Equivocation and Faith

The N. Y. Times published an opinion piece by Linda Kinstler titled Can Silicon Valley Find God?

Among other things, it includes a common example of an equivocation fallacy used by religious apologists.

“It is difficult not to remark upon the fact that many of those beliefs, such as that advanced artificial intelligence could destroy the known world, or that humanity is destined to colonize Mars, are no less leaps of faith than believing in a kind and loving God.”

Equivocation is a fallacy by which a specific word or phrase in an argument is used with more than one meaning. The use of “faith” in this context is an attempt to give religious faith the same credibility as reason and evidence. This specific equivocation is so common that it is often addressed by skeptics and atheists. (I provide a couple of examples below.) It effectively captures one of the biggest misunderstandings the religious and nonscientific have about science.

The opinion piece also includes a category error involving an implicit denigration of polyamory. The article states:

A scene from the HBO series “Silicon Valley” satirized this cultural aversion: “You can be openly polyamorous, and people here will call you brave. You can put microdoses of LSD in your cereal, and people will call you a pioneer,” one character says after the chief executive of his company outs another tech worker as a believer. “But the one thing you cannot be is a Christian.”

Relationship types are in a different category than religious affiliation or drug usage, so the comparison is meaningless. But the implication of this example is that polyamory is not as okay as monogamy. Otherwise, this example would have no emotional impact.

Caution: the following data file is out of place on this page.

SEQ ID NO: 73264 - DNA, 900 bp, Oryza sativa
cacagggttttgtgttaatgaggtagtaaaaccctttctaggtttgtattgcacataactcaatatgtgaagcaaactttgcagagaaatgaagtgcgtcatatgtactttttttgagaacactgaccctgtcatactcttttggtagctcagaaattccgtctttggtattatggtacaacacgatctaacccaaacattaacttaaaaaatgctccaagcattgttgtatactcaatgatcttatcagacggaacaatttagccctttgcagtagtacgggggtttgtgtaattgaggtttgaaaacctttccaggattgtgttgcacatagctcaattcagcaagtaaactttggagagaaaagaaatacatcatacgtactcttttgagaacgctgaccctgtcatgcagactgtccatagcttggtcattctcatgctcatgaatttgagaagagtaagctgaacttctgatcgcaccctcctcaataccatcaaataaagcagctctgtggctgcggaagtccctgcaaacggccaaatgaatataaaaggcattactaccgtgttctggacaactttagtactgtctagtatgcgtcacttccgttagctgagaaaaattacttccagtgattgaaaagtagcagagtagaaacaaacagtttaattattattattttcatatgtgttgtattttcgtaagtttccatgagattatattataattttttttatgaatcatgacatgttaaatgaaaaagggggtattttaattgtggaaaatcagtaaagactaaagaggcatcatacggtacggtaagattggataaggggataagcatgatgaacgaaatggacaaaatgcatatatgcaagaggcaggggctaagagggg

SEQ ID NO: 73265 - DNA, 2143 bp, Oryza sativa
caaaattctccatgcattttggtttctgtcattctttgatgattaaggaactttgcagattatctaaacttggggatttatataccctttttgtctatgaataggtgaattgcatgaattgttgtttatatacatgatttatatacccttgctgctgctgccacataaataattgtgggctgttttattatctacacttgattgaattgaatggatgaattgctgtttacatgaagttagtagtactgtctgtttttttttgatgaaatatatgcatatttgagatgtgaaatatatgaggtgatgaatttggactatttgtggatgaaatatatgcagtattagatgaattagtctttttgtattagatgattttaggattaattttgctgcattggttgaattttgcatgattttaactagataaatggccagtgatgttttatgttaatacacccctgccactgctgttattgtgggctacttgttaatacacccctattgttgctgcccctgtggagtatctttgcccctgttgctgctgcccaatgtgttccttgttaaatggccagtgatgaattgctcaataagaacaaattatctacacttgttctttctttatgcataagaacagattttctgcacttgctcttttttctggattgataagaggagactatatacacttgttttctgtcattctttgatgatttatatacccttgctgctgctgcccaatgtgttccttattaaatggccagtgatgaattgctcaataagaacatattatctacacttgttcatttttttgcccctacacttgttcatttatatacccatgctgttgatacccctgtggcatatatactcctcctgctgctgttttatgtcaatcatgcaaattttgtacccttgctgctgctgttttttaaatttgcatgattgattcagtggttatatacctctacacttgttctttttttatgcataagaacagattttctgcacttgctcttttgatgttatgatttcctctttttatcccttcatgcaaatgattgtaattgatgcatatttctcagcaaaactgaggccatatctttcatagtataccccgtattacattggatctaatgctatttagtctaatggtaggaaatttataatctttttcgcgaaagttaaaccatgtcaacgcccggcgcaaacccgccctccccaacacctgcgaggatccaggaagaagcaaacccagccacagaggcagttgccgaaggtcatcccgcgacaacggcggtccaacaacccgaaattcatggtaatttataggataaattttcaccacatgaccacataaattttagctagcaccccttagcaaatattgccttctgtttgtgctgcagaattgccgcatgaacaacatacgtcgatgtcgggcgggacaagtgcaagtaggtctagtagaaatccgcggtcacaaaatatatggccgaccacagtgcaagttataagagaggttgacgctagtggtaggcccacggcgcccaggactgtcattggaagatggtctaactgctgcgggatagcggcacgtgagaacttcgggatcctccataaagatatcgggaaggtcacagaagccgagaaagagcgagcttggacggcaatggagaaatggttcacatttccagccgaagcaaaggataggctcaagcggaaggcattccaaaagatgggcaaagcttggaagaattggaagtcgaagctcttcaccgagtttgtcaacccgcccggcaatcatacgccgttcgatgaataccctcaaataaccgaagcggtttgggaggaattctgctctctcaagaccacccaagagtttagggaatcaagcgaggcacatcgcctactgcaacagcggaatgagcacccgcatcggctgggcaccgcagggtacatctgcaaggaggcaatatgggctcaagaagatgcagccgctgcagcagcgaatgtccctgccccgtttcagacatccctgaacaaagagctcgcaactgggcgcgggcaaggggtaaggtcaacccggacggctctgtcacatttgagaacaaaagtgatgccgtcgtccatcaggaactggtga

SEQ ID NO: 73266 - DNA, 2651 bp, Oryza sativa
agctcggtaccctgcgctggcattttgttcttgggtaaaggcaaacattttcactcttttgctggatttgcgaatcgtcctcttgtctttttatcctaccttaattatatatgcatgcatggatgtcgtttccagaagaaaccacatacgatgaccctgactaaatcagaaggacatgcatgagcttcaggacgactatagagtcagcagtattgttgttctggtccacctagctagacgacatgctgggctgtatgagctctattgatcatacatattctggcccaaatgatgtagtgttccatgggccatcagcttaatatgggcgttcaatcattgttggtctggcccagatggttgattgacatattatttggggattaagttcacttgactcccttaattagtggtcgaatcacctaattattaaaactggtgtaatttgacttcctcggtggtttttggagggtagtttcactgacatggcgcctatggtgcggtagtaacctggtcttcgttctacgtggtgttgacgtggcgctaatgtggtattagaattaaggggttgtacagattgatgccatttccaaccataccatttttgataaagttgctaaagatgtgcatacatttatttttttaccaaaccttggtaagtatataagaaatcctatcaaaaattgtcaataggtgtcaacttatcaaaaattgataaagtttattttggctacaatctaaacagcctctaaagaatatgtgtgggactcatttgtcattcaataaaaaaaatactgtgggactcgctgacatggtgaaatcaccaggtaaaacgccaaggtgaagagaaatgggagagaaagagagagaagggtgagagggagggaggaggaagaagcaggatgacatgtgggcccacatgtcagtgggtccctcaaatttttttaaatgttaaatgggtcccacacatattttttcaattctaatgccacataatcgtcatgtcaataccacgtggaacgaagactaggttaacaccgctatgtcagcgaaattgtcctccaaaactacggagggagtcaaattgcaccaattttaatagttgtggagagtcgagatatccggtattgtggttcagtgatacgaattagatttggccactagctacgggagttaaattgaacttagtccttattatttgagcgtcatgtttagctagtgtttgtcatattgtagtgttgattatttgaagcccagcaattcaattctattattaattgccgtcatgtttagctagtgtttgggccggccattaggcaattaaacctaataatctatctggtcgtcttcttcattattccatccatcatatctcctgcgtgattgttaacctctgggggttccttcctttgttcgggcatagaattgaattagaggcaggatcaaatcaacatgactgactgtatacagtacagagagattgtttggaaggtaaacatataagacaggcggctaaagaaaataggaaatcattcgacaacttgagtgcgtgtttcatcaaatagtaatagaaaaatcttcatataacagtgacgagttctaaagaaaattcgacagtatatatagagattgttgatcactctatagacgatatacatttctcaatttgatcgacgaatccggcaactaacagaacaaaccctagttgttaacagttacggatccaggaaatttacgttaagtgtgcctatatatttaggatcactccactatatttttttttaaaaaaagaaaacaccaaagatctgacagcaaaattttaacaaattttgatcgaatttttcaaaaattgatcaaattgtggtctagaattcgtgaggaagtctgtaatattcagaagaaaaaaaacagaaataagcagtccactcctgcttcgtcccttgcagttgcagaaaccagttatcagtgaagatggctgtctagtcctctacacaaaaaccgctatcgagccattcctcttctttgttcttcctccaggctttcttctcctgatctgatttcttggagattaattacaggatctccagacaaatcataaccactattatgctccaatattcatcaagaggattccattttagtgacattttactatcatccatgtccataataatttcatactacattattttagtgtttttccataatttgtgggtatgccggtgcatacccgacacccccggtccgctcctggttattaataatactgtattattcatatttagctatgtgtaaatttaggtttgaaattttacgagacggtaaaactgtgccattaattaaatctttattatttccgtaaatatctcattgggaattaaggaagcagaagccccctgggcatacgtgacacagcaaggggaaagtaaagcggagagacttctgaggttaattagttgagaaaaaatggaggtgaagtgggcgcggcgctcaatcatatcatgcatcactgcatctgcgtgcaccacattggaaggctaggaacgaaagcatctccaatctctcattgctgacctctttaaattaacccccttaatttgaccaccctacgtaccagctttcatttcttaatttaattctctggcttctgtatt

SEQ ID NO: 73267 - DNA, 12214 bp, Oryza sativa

I address these issues more completely in an email I sent to Kinstler. I don’t expect it to do any good, and I haven’t received a response. But I think it’s worth the effort once in a while to call out these types of fallacious arguments and their related bigotry.

Email as sent:

I saw your opinion piece in the N.Y. Times. As someone who is Jewish, what would your reaction be if someone wrote that Jews worship Zeus? I am guessing you would consider it to be ignorant. Well, you have done the equivalent by stating that beliefs such as “… that advanced artificial intelligence could destroy the known world, … are no less leaps of faith than believing in a kind and loving God.”

There is a distinction between epistemologies that are based on reason and evidence and those that are based on faith and dogma. As described by Barbara Smoker  “Faith … means firm belief in the absence of evidence … It there were objective evidence for its doctrines, it would no longer be faith; it would be knowledge.” (“Should We Respect Religion” in “The Harm Done by Religion” published by the Center for Inquiry) You have engaged in the fallacy of equivocation. You are using faith to mean something it doesn’t. As John Campbell says “”No one can seriously equate belief in gravity with belief in angels. The former is based upon mountains of testable evidence notably lacking among those that believe the latter. Referring to the basis of both beliefs as ‘faith’ without distinguishing between how that term is being used is an intellectually dishonest means of manufacturing credibility from thin air.” (“25 Fallacies in the Case for Christianity”, Skeptic Magazine, Vol 26, No 2, 2021). Another major epistemological distinction is that most people that use reason and evidence are willing to change their minds based on new reasoning or evidence. Faith and dogmatic belief generally preclude this.